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Title: Short-term variability of the Dissolved oxygen and chlorophyll a in the upper waters at ESTOC
Authors: López, L.
Vega Moreno, Daura 
Cianca, A.
UNESCO Clasification: 2510 Oceanografía
251001 Oceanografía biológica
251002 Oceanografía química
Issue Date: 2014
Conference: IV Congress of Marine Sciences 
Abstract: The European Station for Time Series in the Ocean, Canary Islands is located in the Eastern Subtropical North Atlantic Gyre (29’10ºN, 15’30ºW). It is a logistic and scientific strategy whose main objective is performing a long-term-time series of oceanic observations in order to understand and predict the phenomena happening within, as well as their environmental and socio-economic consequences. In addition with the results the researchers aim to contribute to the marine science and to the ocean health. This effort has to conclude with a significant contribution to the current international networks of the oceanographic knowledge. The ESTOC sampling program was monthly from 1994 to 2004 and after this time seasonally to the present day, so the studies developed are related to seasonal and interannual variability of different oceanographic variables. The time-series analysis from several resolutions is important in order to find out the influence and interactions of different process happening inside the ocean and its relationship with oceanographic variables variations. For this reason in this research we will study the daily variations compared to seasonal and interannual changes already published. To this end, we have used observations of temperature, salinity, chlorophyll and dissolved oxygen from surface to 300 m which were obtained with 15 profiles of CTD during period of 36 hours at ESTOC site. Therefore, the first aim in this study is establishing the changes in the chlorophyll and dissolved oxygen (DO) distributions compared to hydrographic variations in the water column. The homogenous layer (Mixed layer) is typical during Winter period and March is the month when this layer starts to disappear due to seasonal thermocline formation. The second aim is determining variations for net community production using the anomaly of dissolved oxygen (∆O2 excess above saturation, or the apparent oxygen utilization, AOU, as deficit below saturation) as a tracer. The seasonal distribution of the dissolved oxygen anomaly shows a deep maximum (around 150 m) during summer season. Our interest is to find out if the productive processes, in detriment of the respiration process, show positive values of DO anomaly in the daily resolution and where is located the maximum if this exists. Finally, we will establish the relationship between the DO anomalies values with those from the chlorophyll distribution in the water column.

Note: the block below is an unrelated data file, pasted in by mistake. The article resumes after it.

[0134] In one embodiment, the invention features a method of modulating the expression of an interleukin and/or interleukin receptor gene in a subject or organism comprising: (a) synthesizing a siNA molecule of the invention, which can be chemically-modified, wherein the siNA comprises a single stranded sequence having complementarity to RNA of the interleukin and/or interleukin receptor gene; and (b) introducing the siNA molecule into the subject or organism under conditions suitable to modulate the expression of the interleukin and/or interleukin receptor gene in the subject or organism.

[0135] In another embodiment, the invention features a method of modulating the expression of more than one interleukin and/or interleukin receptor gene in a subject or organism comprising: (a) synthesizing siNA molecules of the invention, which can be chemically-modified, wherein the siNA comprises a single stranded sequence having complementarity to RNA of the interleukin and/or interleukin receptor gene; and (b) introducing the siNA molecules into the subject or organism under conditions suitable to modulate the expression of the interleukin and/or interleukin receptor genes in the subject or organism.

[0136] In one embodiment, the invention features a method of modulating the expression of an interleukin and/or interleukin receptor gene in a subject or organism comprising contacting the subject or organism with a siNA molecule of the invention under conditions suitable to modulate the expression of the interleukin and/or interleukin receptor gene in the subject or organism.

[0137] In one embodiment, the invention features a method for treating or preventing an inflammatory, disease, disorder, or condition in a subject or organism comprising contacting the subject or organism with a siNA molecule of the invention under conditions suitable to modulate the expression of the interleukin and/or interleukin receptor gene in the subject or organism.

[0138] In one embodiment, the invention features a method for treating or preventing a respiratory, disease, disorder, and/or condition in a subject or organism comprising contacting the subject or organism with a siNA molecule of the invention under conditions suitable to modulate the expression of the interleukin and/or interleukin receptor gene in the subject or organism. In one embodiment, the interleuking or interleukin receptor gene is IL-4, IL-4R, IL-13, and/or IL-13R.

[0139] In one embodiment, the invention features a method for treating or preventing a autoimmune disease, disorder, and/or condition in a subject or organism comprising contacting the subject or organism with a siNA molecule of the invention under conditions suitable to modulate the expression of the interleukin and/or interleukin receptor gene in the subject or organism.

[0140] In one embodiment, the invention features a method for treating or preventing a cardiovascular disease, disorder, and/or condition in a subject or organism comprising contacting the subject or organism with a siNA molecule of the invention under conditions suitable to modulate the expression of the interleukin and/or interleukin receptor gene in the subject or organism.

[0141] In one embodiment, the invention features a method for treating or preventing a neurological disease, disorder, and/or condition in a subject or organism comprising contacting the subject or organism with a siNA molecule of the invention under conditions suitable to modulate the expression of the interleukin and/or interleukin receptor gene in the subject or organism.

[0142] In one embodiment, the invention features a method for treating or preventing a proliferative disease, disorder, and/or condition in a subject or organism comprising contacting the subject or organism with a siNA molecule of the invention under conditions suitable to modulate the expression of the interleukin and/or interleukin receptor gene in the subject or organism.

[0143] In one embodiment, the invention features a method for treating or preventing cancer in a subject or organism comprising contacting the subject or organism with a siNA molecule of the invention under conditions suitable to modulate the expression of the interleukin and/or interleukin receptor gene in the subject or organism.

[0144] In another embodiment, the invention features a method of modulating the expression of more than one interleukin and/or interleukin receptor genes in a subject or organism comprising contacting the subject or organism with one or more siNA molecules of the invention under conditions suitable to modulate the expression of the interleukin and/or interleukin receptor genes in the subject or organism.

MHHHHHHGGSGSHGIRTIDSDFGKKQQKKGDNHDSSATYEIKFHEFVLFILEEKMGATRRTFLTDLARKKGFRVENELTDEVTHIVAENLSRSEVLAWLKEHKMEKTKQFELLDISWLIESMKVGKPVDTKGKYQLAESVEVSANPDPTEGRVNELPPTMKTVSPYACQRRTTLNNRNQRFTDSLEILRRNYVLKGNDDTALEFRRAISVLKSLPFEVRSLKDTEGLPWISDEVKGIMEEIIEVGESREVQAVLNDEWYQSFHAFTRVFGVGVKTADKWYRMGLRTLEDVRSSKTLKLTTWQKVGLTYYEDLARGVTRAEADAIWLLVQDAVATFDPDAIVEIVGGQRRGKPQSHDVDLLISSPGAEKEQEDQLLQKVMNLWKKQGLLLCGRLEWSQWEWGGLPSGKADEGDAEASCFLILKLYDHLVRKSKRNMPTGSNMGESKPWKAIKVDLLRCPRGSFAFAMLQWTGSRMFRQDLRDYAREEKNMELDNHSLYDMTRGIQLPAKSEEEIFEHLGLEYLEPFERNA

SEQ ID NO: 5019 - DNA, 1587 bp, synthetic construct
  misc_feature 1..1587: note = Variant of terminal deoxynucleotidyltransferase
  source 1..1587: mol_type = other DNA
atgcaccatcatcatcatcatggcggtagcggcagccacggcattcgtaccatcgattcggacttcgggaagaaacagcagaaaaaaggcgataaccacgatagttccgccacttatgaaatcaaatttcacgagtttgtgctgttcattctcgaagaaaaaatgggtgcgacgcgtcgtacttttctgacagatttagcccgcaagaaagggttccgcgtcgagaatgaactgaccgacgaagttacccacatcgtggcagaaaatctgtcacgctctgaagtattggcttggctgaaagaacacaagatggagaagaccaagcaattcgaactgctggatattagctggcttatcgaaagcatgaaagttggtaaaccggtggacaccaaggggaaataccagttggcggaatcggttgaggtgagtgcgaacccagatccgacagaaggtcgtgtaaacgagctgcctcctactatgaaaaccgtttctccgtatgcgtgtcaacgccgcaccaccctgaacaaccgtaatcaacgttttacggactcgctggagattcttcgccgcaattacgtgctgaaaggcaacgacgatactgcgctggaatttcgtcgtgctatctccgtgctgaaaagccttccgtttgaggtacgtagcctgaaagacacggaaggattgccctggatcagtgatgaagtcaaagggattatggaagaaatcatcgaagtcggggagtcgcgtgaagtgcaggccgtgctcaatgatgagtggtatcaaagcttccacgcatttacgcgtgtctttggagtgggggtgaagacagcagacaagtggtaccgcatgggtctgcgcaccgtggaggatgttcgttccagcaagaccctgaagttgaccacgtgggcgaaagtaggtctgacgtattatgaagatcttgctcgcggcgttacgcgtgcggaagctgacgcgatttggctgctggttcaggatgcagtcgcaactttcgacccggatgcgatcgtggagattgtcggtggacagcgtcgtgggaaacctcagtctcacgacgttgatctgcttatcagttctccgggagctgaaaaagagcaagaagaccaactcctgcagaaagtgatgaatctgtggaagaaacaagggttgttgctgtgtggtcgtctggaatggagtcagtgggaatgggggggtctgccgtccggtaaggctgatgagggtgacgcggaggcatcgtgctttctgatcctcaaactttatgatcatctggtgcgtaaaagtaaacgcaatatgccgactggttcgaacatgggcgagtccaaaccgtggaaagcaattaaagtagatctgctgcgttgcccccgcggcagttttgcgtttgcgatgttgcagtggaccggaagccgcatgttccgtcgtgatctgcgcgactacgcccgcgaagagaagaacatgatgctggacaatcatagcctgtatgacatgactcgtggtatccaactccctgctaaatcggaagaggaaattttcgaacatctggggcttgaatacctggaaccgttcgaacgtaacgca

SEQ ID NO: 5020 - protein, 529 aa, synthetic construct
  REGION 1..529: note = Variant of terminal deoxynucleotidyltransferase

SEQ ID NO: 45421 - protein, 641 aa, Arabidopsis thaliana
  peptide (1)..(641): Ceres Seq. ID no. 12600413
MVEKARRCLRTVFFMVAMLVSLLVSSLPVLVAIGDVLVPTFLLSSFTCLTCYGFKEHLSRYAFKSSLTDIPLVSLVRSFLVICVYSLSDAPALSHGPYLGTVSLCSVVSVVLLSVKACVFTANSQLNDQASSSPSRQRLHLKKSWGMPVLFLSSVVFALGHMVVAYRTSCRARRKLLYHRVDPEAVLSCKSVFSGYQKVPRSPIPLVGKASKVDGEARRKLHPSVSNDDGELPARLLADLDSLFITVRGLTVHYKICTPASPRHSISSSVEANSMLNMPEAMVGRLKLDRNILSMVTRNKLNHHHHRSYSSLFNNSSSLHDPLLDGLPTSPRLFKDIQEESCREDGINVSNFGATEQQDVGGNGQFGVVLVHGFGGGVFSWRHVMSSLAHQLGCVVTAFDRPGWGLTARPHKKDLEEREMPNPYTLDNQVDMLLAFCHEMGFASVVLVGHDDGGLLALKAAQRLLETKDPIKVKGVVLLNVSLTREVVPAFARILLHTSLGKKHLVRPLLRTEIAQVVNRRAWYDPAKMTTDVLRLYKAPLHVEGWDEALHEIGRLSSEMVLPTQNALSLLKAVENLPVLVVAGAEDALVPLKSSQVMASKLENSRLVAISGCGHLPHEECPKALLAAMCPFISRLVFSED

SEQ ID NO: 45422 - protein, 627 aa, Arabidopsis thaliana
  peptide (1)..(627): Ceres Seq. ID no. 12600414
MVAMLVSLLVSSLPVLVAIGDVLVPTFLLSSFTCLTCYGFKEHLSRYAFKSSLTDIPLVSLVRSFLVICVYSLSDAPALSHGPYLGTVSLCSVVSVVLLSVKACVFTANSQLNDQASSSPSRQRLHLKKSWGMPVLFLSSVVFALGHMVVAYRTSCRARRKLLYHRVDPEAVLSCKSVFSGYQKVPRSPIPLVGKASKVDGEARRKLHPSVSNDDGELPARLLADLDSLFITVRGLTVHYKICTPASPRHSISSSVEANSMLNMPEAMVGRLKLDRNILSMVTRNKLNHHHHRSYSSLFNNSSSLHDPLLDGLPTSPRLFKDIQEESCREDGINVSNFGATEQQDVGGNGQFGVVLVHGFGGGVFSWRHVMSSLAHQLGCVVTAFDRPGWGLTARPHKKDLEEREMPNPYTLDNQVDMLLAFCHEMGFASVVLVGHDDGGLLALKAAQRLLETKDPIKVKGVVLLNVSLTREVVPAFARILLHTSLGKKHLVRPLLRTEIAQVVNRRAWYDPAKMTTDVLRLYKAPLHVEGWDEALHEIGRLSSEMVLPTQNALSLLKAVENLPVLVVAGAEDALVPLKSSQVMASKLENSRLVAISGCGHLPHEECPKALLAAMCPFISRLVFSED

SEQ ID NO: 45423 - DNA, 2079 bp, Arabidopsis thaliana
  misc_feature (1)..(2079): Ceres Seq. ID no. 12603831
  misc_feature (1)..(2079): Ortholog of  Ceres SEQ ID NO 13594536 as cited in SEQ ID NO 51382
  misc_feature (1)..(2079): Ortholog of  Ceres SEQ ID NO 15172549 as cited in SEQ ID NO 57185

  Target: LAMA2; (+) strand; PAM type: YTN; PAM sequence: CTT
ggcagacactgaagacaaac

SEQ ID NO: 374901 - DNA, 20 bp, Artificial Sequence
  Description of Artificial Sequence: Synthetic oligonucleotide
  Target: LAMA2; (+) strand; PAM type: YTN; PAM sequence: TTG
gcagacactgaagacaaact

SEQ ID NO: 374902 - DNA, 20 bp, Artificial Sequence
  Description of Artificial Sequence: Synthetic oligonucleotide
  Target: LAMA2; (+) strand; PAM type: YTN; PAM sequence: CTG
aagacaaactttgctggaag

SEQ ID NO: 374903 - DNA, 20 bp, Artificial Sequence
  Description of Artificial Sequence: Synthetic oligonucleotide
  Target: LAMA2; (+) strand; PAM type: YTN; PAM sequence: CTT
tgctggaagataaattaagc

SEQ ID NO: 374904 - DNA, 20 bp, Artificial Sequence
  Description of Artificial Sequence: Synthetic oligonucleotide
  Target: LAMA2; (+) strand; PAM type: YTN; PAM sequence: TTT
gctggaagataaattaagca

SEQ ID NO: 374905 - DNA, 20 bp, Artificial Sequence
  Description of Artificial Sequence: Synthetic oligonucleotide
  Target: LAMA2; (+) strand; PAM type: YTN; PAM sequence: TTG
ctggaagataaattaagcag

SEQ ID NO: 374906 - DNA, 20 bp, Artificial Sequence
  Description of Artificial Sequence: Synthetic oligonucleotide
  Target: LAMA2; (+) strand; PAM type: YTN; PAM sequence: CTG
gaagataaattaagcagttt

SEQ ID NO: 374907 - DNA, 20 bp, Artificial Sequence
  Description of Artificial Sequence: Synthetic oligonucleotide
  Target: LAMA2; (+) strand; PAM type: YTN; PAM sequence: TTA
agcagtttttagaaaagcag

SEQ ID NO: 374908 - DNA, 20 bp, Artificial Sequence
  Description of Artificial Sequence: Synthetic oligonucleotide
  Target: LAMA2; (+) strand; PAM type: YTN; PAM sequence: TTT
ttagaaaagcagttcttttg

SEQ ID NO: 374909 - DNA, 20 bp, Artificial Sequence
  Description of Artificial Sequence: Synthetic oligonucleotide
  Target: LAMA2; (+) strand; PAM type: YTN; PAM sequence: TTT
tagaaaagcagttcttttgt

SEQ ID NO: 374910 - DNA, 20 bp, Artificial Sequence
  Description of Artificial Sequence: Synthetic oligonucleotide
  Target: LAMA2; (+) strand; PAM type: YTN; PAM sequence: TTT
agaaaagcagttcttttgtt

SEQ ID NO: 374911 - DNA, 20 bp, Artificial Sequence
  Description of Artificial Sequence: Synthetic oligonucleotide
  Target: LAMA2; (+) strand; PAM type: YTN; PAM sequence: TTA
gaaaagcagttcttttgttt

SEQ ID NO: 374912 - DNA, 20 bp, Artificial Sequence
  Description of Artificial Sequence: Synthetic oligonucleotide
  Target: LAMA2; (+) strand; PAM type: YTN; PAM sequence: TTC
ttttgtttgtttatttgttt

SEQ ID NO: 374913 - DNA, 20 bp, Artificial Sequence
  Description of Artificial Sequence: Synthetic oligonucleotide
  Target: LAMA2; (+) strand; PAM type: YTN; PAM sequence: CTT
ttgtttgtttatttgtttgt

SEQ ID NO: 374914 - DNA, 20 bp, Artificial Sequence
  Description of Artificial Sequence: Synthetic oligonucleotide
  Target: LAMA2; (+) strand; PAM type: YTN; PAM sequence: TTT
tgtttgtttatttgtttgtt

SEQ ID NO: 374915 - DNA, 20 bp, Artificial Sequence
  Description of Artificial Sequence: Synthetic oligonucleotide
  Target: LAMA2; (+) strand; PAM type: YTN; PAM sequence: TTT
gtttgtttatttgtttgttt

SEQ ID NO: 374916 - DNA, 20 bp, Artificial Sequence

ISBN: 84-697-0471-0
Source: Book of Abstracts submitted to the IV Congress of Marine Sciences. Las Palmas de Gran Canaria, June 11th to 13th 2014, p. 208
Appears in Collections:Actas de congresos
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